However, some configuration parameters interact with routing and However, some configuration parameters interact with routing and
other signalling protocols, such that the operational value in use by other signalling protocols, such that the operational value in use by
the system may not be the same as the configured value. Other the system may not be the same as the configured value. Other
parameters specify the desired state, but environmental and other parameters specify the desired state, but environmental and other
factors can cause the actual state to be different. factors can cause the actual state to be different.
For example a "temperature" configuration setting only represents the For example a "temperature" configuration setting only represents the
desired temperature. An operational state parameter is needed that desired temperature. An operational data parameter is needed that
reports the actual temperature in order to determine if the cooling reports the actual temperature in order to determine if the cooling
system is operating correctly. YANG has no mechanism other than the system is operating correctly. YANG has no mechanism other than the
"description" statement to associate the desired temperature and the "description" statement to associate the desired temperature and the
actual temperature. actual temperature.
Careful consideration needs to be given to the location of Careful consideration needs to be given to the location of
operational state data. It can either be located within the operational data. It can either be located within the configuration
configuration subtree for which it applies, or it can be located subtree for which it applies, or it can be located outside the
outside the particular configuration subtree. Placing operation particular configuration subtree. Placing operational data within
state within the configuration subtree is appropriate if the the configuration subtree is appropriate if the operational values
operational values can only exist if the configuration exists. can only exist if the configuration exists.
The "interfaces" and "interfaces-state" subtrees defined in [RFC7223] The "interfaces" and "interfaces-state" subtrees defined in [RFC7223]
are an example of a complex relationship between configuration and are an example of a complex relationship between configuration and
operational state. The operational values can include interface operational data. The operational values can include interface
entries that have been discovered or initialized by the system. An entries that have been discovered or initialized by the system. An
interface may be in use that has not been configured at all. interface may be in use that has not been configured at all.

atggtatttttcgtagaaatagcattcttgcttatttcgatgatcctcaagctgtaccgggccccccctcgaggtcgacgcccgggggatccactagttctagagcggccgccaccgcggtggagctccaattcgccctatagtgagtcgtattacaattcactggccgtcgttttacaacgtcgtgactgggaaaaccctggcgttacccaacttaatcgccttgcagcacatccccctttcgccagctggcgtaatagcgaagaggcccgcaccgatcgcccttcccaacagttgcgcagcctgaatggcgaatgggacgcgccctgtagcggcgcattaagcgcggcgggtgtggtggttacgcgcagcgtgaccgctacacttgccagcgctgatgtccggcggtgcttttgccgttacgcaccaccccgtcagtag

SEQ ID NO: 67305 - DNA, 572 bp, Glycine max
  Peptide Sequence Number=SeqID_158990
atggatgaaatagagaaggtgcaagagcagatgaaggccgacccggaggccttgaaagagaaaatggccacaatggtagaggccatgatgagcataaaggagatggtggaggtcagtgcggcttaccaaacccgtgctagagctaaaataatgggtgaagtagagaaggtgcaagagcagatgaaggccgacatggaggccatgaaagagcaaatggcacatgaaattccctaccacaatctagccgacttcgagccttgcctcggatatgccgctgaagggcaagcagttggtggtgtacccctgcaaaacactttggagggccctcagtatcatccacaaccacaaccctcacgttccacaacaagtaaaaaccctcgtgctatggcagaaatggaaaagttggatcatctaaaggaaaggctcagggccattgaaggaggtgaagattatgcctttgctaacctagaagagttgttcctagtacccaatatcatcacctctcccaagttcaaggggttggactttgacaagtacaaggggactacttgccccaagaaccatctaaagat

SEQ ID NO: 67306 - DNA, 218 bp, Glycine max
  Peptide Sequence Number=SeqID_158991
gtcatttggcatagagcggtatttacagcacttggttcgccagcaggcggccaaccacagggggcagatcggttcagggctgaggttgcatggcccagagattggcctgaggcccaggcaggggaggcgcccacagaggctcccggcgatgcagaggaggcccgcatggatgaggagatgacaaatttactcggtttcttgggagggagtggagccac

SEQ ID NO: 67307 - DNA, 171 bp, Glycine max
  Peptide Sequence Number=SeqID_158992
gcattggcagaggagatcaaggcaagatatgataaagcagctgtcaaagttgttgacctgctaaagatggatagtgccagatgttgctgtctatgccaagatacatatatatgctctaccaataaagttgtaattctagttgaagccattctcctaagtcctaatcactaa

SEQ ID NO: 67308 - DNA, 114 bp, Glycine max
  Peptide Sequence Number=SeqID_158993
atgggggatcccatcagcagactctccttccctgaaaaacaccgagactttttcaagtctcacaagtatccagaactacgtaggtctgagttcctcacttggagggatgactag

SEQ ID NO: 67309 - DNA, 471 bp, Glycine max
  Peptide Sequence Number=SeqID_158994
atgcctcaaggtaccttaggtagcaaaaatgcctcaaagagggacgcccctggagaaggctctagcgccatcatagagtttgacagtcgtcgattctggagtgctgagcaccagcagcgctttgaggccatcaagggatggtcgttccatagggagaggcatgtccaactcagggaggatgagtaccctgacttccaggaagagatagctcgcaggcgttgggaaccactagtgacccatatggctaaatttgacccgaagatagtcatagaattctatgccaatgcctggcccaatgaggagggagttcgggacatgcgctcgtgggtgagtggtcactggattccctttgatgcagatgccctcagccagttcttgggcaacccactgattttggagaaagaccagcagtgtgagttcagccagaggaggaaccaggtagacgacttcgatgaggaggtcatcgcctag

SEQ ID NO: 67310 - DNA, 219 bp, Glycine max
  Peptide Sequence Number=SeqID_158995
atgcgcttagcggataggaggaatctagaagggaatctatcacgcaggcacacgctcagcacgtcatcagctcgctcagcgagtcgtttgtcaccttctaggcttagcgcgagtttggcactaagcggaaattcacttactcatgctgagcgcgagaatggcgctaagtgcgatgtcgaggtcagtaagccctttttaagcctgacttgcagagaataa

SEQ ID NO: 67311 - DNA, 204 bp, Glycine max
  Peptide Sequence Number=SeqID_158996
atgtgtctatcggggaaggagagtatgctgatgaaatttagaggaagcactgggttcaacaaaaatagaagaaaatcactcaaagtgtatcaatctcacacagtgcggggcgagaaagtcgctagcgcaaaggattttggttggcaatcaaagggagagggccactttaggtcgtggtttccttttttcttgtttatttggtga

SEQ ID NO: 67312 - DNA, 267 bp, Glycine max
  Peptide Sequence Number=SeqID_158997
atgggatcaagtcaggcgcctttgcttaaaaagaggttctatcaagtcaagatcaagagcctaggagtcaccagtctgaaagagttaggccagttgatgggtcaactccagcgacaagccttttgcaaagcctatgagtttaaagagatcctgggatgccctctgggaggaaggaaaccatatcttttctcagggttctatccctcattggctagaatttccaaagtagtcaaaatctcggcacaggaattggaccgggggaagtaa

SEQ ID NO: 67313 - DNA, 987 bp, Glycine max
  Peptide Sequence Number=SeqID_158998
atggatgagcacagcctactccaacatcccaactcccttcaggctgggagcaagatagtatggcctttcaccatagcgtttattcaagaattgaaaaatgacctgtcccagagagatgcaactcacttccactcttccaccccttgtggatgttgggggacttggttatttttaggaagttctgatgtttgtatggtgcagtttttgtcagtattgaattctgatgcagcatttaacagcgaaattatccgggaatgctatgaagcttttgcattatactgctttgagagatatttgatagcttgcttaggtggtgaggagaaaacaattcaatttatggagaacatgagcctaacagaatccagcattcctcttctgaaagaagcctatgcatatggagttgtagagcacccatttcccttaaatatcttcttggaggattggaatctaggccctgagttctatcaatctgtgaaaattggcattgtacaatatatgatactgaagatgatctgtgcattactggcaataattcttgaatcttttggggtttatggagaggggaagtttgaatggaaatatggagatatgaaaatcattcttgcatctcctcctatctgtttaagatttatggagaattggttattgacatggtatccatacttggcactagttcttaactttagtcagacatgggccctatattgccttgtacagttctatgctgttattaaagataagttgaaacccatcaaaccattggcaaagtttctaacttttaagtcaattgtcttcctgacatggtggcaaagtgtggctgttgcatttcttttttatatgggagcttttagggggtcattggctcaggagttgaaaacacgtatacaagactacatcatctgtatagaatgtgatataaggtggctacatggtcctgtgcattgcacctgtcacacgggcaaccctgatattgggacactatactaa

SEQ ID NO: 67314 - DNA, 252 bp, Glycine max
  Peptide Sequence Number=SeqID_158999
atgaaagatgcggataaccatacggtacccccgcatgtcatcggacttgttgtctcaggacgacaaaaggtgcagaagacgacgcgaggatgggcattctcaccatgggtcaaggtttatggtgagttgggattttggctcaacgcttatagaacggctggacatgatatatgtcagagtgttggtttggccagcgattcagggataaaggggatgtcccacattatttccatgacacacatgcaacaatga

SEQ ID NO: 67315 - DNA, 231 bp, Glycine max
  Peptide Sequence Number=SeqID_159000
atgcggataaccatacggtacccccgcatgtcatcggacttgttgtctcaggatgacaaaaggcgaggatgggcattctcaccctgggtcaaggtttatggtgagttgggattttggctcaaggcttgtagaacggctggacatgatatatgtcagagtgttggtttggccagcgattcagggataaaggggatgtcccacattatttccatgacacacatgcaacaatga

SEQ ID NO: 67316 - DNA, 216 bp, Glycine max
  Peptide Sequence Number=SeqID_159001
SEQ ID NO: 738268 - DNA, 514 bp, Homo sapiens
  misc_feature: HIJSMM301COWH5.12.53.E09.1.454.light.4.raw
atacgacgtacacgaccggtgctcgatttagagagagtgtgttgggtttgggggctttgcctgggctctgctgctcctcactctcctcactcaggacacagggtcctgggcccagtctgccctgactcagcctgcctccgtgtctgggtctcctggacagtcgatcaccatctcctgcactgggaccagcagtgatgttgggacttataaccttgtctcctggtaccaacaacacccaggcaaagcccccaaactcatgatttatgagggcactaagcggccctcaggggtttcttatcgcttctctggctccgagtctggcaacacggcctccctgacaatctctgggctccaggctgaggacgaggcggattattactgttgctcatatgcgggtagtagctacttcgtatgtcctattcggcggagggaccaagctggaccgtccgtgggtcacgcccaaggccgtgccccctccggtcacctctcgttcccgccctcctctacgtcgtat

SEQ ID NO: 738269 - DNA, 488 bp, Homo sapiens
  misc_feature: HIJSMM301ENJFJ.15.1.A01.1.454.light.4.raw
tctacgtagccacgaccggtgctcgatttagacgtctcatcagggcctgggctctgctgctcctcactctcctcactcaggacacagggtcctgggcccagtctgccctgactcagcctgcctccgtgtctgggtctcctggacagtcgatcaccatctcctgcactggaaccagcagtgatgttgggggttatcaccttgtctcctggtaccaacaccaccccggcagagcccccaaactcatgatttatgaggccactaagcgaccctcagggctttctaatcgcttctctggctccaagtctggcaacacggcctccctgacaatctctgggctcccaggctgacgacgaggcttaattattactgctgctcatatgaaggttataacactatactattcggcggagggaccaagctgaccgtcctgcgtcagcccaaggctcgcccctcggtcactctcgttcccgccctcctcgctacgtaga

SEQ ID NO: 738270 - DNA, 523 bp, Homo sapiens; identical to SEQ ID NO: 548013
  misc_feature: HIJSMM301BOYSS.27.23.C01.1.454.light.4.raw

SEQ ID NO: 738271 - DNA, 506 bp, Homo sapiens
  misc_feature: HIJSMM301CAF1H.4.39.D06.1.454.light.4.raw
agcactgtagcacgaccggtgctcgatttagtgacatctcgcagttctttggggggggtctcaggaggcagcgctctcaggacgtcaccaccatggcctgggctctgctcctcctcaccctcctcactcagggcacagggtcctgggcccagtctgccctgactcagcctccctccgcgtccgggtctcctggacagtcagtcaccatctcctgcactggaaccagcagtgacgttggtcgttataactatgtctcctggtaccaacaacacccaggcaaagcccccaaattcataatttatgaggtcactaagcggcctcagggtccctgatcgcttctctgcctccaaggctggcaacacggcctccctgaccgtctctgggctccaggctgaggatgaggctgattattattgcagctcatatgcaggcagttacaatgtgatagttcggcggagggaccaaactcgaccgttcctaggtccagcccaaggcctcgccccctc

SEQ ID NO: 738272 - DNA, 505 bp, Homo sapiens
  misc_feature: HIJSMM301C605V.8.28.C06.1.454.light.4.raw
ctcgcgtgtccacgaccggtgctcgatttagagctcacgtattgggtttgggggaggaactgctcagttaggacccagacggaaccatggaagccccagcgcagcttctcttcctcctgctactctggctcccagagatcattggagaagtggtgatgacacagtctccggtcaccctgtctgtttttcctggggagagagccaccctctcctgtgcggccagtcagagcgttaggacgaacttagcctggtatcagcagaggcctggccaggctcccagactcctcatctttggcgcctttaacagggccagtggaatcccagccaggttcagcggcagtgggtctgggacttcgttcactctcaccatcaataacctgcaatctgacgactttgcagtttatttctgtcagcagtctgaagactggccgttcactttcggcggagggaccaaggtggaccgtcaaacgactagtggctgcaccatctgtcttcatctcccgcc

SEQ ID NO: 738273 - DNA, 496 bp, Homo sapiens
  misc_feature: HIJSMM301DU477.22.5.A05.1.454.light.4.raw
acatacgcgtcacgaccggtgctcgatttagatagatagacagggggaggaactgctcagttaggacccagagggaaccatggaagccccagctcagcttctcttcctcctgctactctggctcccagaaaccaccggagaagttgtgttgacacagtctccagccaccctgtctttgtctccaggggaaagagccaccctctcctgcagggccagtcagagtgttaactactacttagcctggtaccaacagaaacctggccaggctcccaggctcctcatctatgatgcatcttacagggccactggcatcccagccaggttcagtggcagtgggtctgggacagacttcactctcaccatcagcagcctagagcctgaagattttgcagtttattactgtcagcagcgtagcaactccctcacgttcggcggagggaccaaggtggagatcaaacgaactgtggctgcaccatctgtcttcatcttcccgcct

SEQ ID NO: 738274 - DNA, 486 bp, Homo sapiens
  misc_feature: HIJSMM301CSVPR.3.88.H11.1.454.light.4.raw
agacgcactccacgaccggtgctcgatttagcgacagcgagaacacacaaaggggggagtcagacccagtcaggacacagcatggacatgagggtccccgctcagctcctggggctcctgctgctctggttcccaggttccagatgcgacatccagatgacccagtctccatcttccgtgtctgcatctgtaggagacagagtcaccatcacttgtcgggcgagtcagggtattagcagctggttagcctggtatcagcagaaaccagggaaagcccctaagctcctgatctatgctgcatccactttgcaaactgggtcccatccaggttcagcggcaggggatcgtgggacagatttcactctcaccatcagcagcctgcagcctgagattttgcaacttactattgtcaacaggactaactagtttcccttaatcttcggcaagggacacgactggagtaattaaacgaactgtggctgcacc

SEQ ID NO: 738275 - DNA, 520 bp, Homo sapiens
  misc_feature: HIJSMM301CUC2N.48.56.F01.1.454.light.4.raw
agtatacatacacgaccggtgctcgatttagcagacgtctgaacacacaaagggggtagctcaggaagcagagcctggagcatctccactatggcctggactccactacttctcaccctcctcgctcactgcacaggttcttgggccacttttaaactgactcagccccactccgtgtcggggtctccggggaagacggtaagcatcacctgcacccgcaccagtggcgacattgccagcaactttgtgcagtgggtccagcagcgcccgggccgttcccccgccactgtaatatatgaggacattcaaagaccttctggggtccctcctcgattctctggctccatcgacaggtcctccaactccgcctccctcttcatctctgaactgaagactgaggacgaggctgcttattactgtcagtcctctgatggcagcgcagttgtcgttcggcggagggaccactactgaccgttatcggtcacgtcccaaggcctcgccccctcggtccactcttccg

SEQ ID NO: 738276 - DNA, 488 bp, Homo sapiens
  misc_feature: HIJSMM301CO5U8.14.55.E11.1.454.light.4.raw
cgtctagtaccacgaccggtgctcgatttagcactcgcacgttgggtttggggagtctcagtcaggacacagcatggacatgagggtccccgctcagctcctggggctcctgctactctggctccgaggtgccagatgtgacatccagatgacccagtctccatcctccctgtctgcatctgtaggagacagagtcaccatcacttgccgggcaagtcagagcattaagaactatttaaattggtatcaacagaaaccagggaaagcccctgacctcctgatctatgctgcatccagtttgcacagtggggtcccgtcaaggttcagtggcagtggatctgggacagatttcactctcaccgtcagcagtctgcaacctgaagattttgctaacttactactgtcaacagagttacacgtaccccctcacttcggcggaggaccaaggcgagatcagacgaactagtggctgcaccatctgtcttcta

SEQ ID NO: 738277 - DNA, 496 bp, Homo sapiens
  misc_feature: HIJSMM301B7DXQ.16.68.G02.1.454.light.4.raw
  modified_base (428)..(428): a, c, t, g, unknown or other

Therefore, the operational state for an interface cannot be located Therefore, the operational data for an interface cannot be located
within the configuration for that same interface. within the configuration for that same interface.
Sometimes the configured value represents some sort of procedure to Sometimes the configured value represents some sort of procedure to
be followed, in which the system will select an actual value, based be followed, in which the system will select an actual value, based
on protocol negotiation. on protocol negotiation.
leaf duplex-admin-mode { leaf duplex-admin-mode {
type enumeration { type enumeration {
enum auto; enum auto;
enum half; enum half;
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will never contain the value "auto". It will always contain the will never contain the value "auto". It will always contain the
result of the auto-negotiation, such as "half" or "full". This is result of the auto-negotiation, such as "half" or "full". This is
just one way in which the configuration data model is not exactly the just one way in which the configuration data model is not exactly the
same as the operational data model. Another is if the detailed same as the operational data model. Another is if the detailed
properties of the data are different for configured vs. learned properties of the data are different for configured vs. learned
entries. entries.
If all the data model properties are aligned between configuration If all the data model properties are aligned between configuration
and operational data, then it can be useful to define the and operational data, then it can be useful to define the
configuration parameters within a grouping, and then replicate that configuration parameters within a grouping, and then replicate that
grouping within the operational state portion of the data model. grouping within the operational data portion of the data model.
grouping parms { grouping parms {
// do not use config-stmt in any of the nodes // do not use config-stmt in any of the nodes
// placed in this grouping // placed in this grouping
} }
container foo { container foo {
uses parms; // these are all config=true by default uses parms; // these are all config=true by default
state { state {
config false; // only exists if foo config exists config false; // only exists if foo config exists
uses parms; uses parms;
} }
} }
Note that this mechanism can also be used if the configuration and Note that this mechanism can also be used if the configuration and
operational state data are in separate sub-trees: operational data are in separate sub-trees: